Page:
Disclosure: Second Wind Media Ltd. Publisher of Business New Haven and performs some marketing support functions for the Chamber Insurance Trust.

wadleighOn August 2nd Jim Wadleigh CEO of Access Health, Connecticut’s ACA [Obamcare] health exchange. Said that concerns that the Trump Administration might withhold certain subsidy payments made to insurers on the exchange could lead both insurers to drop coverage for 2018.

acaBy, Ana Radelat

WASHINGTON:– Even though the U.S. Senate failed to repeal the Affordable Care Act, there will potentially be changes to Connecticut’s health care system that may affect tens of thousands of state residents.

Depending on what the president and his administration decide in coming days, some people may lose subsidies that would help pay their premiums, co-pays and deductibles next year. Others could see sizable increases in their premiums and perhaps a smaller choice of plans pending the outcome of decisions yet to be made by Connecticut insurers.

Access Health CT storefront


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Access Health CT CEO, James Wadleigh Dropping Retail Locations in New Haven and New Britain

Kyle Constable

HARTFORD: Facing a shortened enrollment period, Connecticut’s health insurance exchange announced Wednesday it plans to scale back its two existing storefronts and redeploy resources to broaden its reach.

The decision comes as the exchange, Access Health CT, remains stuck in a rut created by months of uncertainty at the national level. The exchange is anxiously awaiting a critical decision from the White House that will influence whether the individual marketplace’s two insurers will offer plans again next year.

By: Kyle Constable

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Connecticare actuary Kelsey, tries to lay out the numbers behind the company's proposed rate increases.

Hartford: Two of the state’s largest health insurers came face to face with hostile customers and dissenting advocates at a hearing last week over another year of requests for double-digit rate hikes.

The stakes are even higher this year because the state Insurance Department’s final decision on the rate requests will influence whether the two remaining insurers on Connecticut’s health insurance exchange, Access Health CT, return in 2018.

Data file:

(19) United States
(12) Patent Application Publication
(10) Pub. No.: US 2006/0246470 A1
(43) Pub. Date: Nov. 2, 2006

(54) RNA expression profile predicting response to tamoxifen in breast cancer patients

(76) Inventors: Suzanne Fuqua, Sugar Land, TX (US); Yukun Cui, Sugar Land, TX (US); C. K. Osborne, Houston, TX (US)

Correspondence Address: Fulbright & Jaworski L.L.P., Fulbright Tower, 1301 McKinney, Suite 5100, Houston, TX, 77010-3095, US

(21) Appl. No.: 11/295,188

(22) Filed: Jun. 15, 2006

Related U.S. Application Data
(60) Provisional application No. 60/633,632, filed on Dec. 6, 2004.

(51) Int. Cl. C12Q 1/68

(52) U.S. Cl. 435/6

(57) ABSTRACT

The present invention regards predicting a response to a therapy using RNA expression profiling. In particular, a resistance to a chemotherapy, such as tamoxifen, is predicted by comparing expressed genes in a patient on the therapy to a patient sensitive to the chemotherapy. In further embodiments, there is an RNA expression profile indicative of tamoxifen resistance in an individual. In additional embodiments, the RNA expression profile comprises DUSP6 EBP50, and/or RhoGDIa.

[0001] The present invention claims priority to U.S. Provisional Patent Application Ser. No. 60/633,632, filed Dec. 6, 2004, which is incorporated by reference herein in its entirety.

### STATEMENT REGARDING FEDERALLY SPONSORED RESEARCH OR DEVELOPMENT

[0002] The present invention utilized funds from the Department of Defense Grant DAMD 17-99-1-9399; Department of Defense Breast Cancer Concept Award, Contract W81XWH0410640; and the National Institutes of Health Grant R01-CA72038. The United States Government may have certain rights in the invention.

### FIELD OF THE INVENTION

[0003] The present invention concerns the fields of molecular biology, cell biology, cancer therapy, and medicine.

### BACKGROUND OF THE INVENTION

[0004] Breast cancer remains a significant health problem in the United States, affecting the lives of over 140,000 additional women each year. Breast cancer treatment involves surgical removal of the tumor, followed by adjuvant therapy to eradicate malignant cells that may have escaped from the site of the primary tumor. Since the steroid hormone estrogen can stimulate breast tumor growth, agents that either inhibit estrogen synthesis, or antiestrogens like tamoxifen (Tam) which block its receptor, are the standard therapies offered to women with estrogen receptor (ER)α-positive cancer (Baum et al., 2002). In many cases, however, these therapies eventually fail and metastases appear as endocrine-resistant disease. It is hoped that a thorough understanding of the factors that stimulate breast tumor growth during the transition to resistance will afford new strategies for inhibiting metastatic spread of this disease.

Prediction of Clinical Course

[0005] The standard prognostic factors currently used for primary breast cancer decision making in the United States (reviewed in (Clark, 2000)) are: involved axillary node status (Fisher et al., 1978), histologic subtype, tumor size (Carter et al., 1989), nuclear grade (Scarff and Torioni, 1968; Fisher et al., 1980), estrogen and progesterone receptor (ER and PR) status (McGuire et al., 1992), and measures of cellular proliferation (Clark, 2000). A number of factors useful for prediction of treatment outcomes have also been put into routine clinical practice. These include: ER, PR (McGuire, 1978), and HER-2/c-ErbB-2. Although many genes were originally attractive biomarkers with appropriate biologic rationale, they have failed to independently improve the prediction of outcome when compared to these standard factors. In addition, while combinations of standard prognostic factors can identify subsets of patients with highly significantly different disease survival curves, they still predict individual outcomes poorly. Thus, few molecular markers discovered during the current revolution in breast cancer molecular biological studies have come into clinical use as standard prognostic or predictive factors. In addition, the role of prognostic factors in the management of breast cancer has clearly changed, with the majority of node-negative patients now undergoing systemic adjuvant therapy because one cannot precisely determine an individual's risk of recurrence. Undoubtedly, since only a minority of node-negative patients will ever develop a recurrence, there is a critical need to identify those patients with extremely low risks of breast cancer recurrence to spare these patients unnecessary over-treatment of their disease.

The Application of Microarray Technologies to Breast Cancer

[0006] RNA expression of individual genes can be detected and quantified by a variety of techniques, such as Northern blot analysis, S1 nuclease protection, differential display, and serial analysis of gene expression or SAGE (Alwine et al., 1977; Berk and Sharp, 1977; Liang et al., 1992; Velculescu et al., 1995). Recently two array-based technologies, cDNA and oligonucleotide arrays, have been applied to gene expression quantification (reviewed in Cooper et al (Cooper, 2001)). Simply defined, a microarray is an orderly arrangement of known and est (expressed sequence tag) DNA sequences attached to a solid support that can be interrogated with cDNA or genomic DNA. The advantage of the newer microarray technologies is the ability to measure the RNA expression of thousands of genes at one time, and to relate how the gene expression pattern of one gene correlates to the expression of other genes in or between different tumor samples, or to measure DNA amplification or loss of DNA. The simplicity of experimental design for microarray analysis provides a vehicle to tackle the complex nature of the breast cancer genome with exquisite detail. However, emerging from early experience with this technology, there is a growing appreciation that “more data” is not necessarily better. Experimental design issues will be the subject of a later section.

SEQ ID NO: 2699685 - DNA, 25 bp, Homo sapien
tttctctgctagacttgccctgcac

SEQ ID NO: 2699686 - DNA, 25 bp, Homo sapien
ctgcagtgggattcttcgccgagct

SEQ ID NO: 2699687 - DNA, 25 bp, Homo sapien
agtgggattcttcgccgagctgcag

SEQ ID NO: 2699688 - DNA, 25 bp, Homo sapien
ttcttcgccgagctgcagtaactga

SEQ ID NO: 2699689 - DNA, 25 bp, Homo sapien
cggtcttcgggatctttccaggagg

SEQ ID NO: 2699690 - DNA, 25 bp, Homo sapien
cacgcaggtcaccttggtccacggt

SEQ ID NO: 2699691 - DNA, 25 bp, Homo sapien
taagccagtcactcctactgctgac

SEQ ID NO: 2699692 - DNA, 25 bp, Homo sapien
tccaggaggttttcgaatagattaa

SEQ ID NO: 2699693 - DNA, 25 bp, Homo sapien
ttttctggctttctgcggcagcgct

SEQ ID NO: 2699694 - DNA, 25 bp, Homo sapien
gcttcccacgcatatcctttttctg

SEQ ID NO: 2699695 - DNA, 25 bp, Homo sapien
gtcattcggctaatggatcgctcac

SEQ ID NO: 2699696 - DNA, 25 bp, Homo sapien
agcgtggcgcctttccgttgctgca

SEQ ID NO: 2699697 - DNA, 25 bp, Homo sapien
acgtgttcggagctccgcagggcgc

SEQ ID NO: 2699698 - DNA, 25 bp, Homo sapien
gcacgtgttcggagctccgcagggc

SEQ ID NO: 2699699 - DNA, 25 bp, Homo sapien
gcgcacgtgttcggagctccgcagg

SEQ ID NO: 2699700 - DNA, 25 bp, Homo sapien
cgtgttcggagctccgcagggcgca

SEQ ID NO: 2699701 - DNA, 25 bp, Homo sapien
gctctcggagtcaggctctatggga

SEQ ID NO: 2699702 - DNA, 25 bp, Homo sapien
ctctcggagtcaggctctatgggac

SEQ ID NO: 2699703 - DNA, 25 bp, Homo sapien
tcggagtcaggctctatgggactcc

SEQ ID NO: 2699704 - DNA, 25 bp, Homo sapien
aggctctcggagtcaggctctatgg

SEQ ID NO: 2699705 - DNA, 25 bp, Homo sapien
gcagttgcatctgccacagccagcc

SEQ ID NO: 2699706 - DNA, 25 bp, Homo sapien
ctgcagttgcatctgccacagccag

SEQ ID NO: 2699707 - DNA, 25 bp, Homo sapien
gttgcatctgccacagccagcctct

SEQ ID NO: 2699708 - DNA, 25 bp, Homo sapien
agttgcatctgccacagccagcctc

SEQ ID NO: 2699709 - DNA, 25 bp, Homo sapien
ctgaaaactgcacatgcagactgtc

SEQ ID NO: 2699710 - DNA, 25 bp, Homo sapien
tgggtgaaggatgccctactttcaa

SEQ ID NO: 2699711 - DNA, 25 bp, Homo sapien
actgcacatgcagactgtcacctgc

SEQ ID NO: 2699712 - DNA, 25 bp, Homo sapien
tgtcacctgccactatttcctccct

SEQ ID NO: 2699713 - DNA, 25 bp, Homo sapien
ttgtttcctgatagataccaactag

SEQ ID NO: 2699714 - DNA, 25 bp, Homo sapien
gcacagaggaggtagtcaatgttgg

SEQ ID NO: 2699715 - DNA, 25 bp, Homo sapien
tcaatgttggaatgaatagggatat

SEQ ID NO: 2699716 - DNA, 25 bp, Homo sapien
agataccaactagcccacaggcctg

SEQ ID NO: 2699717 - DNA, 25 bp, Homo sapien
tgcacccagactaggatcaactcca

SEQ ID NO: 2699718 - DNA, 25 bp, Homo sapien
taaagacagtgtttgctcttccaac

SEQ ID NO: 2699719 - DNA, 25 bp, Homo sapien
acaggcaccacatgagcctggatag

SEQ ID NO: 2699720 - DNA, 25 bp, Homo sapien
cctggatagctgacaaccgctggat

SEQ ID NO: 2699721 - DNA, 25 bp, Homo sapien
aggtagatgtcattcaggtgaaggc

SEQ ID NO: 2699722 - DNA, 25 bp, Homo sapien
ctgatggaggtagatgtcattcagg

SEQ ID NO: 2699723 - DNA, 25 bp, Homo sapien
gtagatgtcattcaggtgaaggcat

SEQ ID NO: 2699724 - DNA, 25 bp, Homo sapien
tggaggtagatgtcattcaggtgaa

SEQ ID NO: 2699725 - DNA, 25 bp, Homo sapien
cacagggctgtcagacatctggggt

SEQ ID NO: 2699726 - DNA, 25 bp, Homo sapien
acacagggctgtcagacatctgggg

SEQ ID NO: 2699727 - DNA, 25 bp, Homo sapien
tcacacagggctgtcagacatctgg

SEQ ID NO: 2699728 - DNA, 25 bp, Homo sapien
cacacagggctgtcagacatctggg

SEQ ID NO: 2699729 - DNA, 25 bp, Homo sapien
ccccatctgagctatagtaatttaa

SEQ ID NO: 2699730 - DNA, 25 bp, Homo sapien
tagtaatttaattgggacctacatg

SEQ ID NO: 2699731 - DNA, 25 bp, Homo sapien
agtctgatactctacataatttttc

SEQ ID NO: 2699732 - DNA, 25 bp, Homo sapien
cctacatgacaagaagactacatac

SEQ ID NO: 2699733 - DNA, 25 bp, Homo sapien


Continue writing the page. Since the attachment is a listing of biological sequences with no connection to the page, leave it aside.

The Insurance Department selected those two insurers, Anthem and ConnectiCare Benefits, for public hearings as part of an ongoing review of the sizable rate hikes they are requesting. The insurers say the increases are necessary to stem financial losses in their individual and small-group plans, both on and off the exchange.

starlingGlastonbury: A leading physician owned multispecialty medical practice Starling Physicians hasexpanded east of the river at 289 Western Boulevard.

The “integrated” practice doctors treat, Allergy, Cardiology, Orthopaedics/Sports Medicine, Physical Therapy, Podiatry, Pulmonary, Rheumatology and surgery

“We are thrilled to be opening a new state-of-the-art facility in Glastonbury,” said Tracy King, Chief Integration Officer of Starling Physicians.“

insurance ratesBy Ana Radelat

Hartford: The state’s health insurers are asking for sizeable rate increases for individual and small-business policies sold in 2018, led by Anthem, which is seeking an average 33.8 percent increase on plans covering individuals and their families.

The insurers blamed the size of their rate hikes in large part on the unsteady future of the Affordable Care Act, which congressional Republicans are attempting to repeal.

ConnectiCare has asked the Connecticut Insurance Department for an average rate hike of 15.2 percent on policies it sells through Access Health CT, where it now covers about 51,000 people.

cadeucesInsurers: Trump hasn’t committed to payments that would keep them in ACA exchanges

By Ana Radelat

Washington: Despite reports to the contrary, President Donald Trump has not committed to making payments that insurers like Anthem say are needed for them to consider staying in Access Health CT and other state health insurance exchanges.

Kristine Grow, spokeswoman for America’s Health Insurance Plans, said the Trump administration has said it would make Cost-Sharing Reduction, or CSR payments for the month of May, but “is not committed to long-term payments.”

“So essentially we remain in the same place we’ve been for the last couple of months,” Grow said.

The Center for Medicare & Medicaid Services did not respond immediately to a request for comment.